Large e and Small d (Weiner)

June 13 2017

# # # #

c = 49938873005546615435687311504872509785022284769848698526216639826561007249140360312632267256915204926681345807364733487154803200306964789424438457669341375204871001335059277860364152540205309441986059468568646721718475252818788849738581432943901958543446753508706429359356503196241596325655490713282416769960

n = 142269281344535869088742736116943280058390173908199123033731860167637256284058438570026290267171503564593144579038791106258246936460019066646984380347557856973633574180883795126232851811359705463053986537018379016661776217821802817244947657640746566344862496416333791072979037570103637215724467194819497299907

e = 141211410131186565836904979237284528246734880966191156417995210689827710794052151990500502219902268625710499228242391963419318931769810679560221659007691633465075476338925509588659989483348207094645823751037728970137889820529978911004235927900663723568956034787737608209610740379437975880462460234131696007491

Find the flag.


The RSA parameter e can be chosen at will, however there are some values of e for which the resulting d will become very small. In the above example, for instance, the e is comparable to the size of n.

For a choice of parameters as this, the RSA has been broken, and in particular, this attack for a large e which results in a computably small d is called as Weiner's attack.

This procedure works out by trying the Euler totient function via a continued fraction approximation of e / N.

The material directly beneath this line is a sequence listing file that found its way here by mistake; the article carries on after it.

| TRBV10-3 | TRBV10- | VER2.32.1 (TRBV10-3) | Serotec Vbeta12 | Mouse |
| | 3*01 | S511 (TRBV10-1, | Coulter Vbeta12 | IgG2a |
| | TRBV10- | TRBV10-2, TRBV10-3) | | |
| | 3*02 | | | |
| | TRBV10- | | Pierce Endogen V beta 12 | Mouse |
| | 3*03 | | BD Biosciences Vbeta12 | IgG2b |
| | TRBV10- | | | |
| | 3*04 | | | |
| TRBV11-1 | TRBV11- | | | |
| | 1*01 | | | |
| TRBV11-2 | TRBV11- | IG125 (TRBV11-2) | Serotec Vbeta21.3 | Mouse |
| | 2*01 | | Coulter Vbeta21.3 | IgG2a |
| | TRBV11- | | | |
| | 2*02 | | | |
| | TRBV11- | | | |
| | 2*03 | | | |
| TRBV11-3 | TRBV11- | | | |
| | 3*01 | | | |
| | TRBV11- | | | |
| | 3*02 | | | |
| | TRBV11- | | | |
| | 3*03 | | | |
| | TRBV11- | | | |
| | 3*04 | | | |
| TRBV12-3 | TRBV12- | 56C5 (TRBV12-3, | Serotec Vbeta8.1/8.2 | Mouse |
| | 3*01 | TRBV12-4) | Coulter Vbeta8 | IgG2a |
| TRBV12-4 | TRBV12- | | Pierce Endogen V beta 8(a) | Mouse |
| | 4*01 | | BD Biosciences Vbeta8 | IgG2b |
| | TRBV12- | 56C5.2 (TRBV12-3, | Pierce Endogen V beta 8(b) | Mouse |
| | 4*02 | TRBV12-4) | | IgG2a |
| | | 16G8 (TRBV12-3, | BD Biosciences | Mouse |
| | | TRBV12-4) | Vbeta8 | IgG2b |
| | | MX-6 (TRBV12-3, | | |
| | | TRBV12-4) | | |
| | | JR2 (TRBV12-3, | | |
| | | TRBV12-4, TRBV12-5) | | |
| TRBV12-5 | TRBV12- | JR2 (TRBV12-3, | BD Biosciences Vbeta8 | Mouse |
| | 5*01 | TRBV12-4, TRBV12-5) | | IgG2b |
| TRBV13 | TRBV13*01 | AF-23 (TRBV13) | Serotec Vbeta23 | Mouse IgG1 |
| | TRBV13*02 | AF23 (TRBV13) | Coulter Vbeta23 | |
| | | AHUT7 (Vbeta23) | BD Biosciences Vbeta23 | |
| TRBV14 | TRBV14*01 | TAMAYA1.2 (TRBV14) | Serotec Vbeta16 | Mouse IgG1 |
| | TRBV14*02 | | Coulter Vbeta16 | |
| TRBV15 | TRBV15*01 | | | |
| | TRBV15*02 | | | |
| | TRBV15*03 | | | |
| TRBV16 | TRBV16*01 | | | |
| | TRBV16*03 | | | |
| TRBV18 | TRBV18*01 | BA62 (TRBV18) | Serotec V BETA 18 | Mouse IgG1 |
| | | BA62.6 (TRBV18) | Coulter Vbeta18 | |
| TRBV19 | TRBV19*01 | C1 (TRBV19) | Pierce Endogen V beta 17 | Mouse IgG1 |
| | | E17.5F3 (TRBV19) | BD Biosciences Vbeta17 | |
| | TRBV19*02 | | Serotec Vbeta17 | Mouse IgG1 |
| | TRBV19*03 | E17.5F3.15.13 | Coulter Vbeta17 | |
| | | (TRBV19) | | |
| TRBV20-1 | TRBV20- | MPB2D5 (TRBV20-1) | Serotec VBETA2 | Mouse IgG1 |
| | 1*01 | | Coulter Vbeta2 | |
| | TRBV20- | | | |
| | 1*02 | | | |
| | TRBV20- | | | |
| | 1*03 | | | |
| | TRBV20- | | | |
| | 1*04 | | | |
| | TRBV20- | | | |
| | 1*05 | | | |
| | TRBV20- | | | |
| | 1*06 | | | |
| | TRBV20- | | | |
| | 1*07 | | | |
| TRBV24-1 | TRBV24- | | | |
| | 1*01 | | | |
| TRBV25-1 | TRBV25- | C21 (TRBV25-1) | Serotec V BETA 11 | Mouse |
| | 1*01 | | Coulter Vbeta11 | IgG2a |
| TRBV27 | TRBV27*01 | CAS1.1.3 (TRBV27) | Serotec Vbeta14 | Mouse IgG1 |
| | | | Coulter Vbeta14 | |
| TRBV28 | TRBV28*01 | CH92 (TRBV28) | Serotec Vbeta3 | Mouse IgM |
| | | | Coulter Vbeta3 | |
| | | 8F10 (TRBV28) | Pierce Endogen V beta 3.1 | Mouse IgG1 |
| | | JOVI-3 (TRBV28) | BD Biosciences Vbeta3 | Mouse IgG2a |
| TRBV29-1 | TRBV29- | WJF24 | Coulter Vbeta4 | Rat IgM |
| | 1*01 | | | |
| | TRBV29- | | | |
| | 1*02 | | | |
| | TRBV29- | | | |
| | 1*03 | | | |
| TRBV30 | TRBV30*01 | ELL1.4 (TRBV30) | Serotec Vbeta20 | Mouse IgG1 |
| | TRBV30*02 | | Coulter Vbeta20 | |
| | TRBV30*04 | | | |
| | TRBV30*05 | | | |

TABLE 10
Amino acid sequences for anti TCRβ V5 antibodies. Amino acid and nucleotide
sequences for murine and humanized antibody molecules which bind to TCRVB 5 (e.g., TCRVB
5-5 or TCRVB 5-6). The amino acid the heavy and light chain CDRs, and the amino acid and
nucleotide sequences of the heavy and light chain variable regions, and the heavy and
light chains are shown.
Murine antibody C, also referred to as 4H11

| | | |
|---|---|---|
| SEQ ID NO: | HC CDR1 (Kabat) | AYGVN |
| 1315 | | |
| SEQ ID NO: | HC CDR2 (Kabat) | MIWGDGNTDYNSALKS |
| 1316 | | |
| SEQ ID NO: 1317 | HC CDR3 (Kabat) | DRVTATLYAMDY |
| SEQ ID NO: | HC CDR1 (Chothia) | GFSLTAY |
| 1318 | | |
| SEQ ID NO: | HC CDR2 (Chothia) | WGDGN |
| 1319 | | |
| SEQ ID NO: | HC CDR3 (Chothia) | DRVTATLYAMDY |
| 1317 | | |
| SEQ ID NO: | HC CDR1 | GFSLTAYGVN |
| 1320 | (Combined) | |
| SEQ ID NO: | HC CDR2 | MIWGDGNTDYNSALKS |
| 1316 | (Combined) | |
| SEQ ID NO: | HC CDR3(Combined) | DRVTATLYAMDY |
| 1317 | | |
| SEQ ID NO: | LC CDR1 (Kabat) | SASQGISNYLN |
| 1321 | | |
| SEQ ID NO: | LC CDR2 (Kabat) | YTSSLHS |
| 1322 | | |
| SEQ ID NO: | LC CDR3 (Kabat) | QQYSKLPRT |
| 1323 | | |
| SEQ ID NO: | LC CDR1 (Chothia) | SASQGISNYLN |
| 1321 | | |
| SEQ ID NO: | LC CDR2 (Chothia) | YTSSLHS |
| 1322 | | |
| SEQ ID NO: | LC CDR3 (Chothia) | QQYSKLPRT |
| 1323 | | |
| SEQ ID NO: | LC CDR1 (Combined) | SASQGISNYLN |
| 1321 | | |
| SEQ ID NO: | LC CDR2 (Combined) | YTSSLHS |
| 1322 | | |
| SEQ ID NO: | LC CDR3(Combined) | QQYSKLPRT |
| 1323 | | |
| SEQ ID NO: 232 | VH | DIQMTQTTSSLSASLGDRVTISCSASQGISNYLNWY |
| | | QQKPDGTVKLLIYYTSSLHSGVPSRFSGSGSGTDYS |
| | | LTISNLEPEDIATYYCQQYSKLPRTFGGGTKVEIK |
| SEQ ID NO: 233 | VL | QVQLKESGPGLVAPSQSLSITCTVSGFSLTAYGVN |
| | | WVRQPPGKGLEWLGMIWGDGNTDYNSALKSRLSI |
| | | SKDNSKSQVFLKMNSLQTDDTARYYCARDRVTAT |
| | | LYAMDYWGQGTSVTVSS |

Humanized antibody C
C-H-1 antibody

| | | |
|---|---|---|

How this works exactly, I don't really know.

The implementation part, however is as follows.

Copied shamelessly from 15 ways to break RSA security - Renaud Lifchitz

for f in continued_fraction(e/n).convergents():
    k, d = f.numerator(), f.denominator()
    if k:
        psi2 = int((e * d - 1) / k)
        a, b, c = 1, -(n - psi2 + 1), n
        delta = b * b - 4 * a * c
        if is_square(delta):
            p, q = (-b - sqrt(delta)) / 2 * a, (-b + sqrt(delta)) / 2 * a
            print(p, q)

This gives us p and q.

On breaking RSA as usual, gives us a small d = 4669523849932130508876392554713407521319117239637943224980015676156491

It also gives us the flag.

print(bytes.fromhex(hex(pow(c, d, n))[2:]))



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# # # #

Find the flag.

Source is as follows

#!/usr/bin/env python3

import random
import time
import string
import signal

# use secure seed

with open('flag.txt') as f:
	flag =

# large constant prime
p = 174807157365465092731323561678522236549173502913317875393564963123330281052524687450754910240009920154525635325209526987433833785499384204819179549544106498491589834195860008906875039418684191252537604123129659746721614402346449135195832955793815709136053198207712511838753919608894095907732099313139446299843

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